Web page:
The New England Patriots started free agency with a bang. Just one hour into the legal tampering period, the team addressed arguably the weakest position group on its roster by signing Jonnu Smith to a four-year contract with a maximum value of $50 million. The move was a sign of things to come, and one that instantly upgraded the Patriots’ tight end room.
Despite his status as a top-two tight end available on the open market — the other, Hunter Henry, also ended up in New England — there are some questions surrounding Smith. Not only 125 passes for 1,389 yards and 17 touchdowns in four seasons with the Tennessee Titans, he also has a somewhat extensive injury history.
Let’s take a closer look at it to find out what his medical record means from the Patriots’ perspective.
2015 (Florida International): Coming off a productive sophomore season at FIU, Smith’s junior campaign was less successful. He managed to catch 36 passes for 397 yards and four touchdowns, but also had to miss the final four games of the season after suffering a sprained left knee. Before being shut down for the rest of the season, however, Smith caught a career-high 10 passes for 183 yards and two touchdowns against Old Dominion — all while already being hurt.
2016 (Florida International): Smith’s college career also ended on the sideline, but not due to an injury. In November of his senior campaign, his girlfriend poured boiling water over him during an argument. According to the arrest affidavit at the time, Smith suffered severe burns on his head, neck and back, as well as one shoulder and an arm.
2017 (Titans): After entering the NFL as a third-round draft pick, Smith saw comparatively limited action behind veteran Delanie Walker. He still managed to catch 21 passes for 176 yards and two touchdowns, but during a divisional playoff loss against the Patriots suffered a torn MCL in his right knee. Despite the injury suffered in mid-January, Smith was good to go the following offseason.
2018 (Titans): With Walker suffering a season-ending injury on opening day, Smith saw increased action in his second NFL campaign. Just like his fist, however, it ended due to a torn MCL: he suffered the injury in early December against the Jacksonville Jaguars. This time around, however, he was unable to return right away. Smith missed minicamp and organized team activities because of the recovery process, and later stated the 2019 training camp on Tennessee’s physically unable to perform list; he was activated in mid-August and went on to appear in all 19 of the Titans’ games during the 2019 season.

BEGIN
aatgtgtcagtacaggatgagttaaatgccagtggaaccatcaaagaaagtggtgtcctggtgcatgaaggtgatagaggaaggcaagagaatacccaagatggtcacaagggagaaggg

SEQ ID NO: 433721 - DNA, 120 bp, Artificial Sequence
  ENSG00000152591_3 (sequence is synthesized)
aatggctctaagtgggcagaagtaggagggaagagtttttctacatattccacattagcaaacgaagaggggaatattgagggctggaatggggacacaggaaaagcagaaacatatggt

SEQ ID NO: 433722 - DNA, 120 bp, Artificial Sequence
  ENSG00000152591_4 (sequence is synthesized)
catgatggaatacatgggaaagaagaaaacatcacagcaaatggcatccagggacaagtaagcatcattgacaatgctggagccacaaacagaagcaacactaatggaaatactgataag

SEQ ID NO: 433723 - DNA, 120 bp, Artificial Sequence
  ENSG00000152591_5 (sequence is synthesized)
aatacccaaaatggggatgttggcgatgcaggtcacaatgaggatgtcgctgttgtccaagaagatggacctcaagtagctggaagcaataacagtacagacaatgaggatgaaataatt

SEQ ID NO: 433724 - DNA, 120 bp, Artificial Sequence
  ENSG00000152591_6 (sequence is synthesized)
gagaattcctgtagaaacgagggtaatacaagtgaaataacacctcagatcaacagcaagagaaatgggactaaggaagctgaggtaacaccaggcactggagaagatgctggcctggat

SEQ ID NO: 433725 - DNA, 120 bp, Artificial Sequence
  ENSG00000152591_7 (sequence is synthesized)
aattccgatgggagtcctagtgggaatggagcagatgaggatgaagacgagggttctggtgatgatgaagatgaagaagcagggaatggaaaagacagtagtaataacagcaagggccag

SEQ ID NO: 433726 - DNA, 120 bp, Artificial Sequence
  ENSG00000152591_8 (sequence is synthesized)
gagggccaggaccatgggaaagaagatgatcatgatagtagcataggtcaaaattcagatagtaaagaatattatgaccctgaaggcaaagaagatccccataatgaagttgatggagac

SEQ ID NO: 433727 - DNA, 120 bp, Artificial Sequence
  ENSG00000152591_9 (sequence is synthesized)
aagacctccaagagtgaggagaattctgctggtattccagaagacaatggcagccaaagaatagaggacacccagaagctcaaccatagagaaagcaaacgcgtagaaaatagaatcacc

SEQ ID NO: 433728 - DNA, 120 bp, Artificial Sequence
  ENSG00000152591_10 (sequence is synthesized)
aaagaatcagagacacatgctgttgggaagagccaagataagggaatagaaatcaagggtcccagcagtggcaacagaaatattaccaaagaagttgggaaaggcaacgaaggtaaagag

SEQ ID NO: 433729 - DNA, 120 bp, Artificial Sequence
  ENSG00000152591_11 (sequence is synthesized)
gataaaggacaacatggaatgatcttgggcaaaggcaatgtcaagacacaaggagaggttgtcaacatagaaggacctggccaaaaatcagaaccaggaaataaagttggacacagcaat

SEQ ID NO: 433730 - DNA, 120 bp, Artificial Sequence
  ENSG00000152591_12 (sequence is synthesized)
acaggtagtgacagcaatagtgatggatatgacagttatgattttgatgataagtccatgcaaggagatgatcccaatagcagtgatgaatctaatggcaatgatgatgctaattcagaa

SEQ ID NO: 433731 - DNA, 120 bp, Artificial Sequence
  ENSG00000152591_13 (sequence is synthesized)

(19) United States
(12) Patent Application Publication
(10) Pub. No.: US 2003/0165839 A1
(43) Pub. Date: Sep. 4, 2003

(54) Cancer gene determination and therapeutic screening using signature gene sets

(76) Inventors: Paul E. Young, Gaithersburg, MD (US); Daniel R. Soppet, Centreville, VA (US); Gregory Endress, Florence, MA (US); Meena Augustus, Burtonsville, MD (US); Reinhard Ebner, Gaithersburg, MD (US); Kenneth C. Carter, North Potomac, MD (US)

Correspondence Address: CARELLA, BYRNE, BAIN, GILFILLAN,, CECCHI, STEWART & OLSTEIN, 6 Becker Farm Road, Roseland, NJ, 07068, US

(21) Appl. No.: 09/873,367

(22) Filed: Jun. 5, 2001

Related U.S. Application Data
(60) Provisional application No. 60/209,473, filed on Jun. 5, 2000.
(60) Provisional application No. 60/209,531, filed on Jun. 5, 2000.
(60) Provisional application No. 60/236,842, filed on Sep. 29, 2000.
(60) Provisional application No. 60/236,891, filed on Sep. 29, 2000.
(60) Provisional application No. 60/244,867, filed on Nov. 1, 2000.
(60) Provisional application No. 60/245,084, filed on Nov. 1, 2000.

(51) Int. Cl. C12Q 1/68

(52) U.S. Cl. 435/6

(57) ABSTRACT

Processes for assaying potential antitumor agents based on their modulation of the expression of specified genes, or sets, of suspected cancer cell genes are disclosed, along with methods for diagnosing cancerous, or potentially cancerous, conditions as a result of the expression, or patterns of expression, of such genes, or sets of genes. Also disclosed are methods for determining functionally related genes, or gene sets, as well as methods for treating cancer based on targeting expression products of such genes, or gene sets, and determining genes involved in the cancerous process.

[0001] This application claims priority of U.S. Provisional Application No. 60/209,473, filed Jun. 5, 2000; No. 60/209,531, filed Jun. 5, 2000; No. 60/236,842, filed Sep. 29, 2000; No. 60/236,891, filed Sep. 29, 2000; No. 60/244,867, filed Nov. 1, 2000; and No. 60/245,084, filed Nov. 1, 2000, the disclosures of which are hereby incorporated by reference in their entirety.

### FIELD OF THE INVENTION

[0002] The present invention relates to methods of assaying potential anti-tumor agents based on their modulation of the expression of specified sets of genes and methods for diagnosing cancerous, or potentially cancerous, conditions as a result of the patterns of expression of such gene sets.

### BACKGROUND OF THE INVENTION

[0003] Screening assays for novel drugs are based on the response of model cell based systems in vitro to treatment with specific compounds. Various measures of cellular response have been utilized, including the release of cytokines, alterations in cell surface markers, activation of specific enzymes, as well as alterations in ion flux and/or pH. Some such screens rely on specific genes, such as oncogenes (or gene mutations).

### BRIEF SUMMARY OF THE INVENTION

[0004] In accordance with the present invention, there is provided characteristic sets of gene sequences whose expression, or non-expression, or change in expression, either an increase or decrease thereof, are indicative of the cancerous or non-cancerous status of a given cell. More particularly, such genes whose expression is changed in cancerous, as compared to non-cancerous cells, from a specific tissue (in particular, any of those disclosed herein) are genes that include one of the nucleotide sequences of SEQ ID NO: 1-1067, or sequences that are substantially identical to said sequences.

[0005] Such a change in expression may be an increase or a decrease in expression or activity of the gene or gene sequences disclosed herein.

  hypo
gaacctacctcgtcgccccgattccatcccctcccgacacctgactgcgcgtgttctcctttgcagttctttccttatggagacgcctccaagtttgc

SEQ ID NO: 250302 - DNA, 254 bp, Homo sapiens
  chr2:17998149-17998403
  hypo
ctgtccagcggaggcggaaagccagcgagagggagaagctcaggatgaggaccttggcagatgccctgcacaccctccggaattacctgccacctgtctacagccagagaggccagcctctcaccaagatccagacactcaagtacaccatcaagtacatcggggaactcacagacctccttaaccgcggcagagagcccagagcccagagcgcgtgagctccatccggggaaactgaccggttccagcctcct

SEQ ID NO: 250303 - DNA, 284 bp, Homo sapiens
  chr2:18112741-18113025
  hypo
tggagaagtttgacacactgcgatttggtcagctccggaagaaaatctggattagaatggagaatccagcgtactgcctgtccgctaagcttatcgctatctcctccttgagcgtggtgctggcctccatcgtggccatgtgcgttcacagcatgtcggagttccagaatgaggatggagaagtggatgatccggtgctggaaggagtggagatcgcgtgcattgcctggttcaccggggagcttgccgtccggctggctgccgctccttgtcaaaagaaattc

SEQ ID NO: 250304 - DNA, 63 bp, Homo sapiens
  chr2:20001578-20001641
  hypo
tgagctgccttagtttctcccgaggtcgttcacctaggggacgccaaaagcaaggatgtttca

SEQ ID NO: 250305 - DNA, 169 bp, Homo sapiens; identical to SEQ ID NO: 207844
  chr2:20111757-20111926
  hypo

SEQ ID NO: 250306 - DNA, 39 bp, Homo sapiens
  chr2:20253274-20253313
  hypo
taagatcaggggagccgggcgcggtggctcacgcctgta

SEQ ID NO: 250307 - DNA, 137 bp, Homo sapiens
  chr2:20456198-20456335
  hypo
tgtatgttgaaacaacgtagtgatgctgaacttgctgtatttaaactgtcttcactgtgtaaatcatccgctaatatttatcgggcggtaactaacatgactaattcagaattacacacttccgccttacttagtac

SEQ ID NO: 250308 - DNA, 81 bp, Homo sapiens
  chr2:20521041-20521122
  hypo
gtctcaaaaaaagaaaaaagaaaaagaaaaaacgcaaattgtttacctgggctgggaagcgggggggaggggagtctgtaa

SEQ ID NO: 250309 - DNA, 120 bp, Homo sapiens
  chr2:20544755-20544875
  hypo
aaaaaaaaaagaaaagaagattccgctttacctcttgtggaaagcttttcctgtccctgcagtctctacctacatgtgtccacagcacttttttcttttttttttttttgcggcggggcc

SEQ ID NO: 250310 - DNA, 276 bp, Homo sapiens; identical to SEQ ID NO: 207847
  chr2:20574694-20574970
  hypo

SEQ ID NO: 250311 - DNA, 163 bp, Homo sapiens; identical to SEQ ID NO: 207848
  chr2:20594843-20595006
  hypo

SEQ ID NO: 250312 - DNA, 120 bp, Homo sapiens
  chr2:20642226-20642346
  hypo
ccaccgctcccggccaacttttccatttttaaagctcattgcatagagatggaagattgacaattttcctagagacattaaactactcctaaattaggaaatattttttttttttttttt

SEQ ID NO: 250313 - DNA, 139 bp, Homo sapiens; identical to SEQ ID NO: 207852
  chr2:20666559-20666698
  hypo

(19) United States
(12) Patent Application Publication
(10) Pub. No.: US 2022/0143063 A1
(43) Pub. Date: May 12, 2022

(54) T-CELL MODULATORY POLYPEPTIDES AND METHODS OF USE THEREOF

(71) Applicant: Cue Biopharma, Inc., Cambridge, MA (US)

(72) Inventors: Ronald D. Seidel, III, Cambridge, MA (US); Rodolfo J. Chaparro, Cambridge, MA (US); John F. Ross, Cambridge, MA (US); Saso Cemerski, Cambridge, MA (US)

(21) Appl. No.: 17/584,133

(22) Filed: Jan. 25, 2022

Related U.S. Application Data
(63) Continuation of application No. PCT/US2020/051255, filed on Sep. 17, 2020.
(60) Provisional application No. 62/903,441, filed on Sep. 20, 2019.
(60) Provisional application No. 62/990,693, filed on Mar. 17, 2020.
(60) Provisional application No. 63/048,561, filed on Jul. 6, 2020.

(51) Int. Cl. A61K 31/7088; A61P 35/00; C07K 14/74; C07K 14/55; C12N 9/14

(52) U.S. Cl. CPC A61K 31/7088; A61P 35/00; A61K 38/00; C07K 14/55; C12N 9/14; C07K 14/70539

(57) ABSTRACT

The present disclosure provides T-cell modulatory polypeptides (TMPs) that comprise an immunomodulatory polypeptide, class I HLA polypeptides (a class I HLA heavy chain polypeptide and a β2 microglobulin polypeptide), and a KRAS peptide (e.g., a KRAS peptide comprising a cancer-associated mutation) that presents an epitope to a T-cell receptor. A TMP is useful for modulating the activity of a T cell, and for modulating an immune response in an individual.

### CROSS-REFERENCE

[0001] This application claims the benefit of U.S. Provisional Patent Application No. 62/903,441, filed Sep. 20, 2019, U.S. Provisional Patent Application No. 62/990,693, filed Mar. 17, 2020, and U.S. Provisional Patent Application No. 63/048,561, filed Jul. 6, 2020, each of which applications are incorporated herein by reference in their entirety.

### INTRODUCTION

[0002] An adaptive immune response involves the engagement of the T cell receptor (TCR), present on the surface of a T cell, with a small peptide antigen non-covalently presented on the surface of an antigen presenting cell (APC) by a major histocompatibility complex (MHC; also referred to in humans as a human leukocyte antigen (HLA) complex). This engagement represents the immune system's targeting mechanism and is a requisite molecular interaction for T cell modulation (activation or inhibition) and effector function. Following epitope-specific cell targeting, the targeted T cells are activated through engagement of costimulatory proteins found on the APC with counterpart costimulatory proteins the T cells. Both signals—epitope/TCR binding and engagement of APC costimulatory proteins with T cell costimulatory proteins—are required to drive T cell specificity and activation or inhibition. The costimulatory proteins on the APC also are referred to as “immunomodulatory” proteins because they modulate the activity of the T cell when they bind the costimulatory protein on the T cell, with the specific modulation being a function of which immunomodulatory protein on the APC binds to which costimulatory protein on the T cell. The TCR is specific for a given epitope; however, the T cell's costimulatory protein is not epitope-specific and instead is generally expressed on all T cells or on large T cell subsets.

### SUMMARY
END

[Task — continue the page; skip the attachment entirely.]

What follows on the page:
2020 (Titans): Smith had to deal with a myriad of minor ailments during the 2020 season. Ahead of Tennessee’s Week 3 game versus the Minnesota Vikings, he missed one practice session due to an ankle injury. He was able to play in the game, though, and finished with five catches — tying a season-high — for 61 yards.
Three weeks later, leading up to the Titans’ Week 6 matchup with the Houston Texans, Smith missed one practice due to a quad issue. He once again was able to suit up on game day, however, and recorded one catch for 13 yards before spraining his right ankle.
The ankle injury did not keep him out for long, though. While he was unable to finish the game against the Texans, Smith did not miss any practice time the following week: he was listed as limited on Wednesday before being upgraded to “full participant” status one day later. He eventually played 40 offensive snaps against the Pittsburgh Steelers and caught one 9-yard pass.
Coming off a Week 12 game against the Indianapolis Colts that saw him play 54 snaps but not register any statistics, Smith was unable to practice and eventually missed the following Sunday’s game versus the Cleveland Browns due to a knee injury. It was his first missed contest since the 2018 season.
What this means for the Patriots
Even though Smith’s injury history has plenty of entries, the Patriots apparently are not concerned about it: they gave him $25 million in guarantees as part of his four-year contract — a reflection of how they evaluate his status as a starting-level tight end as well as his projected availability.
New England has good reason to feel confident. While Smith suffered some minor ailments throughout his career, his season-ending injuries are no cause for concern; neither are the other medical issues he had to deal with. While the occasional bumps and bruises have to be expected given the position he plays, him missing only one game over the last two seasons is encouraging and a reflection of his physical toughness.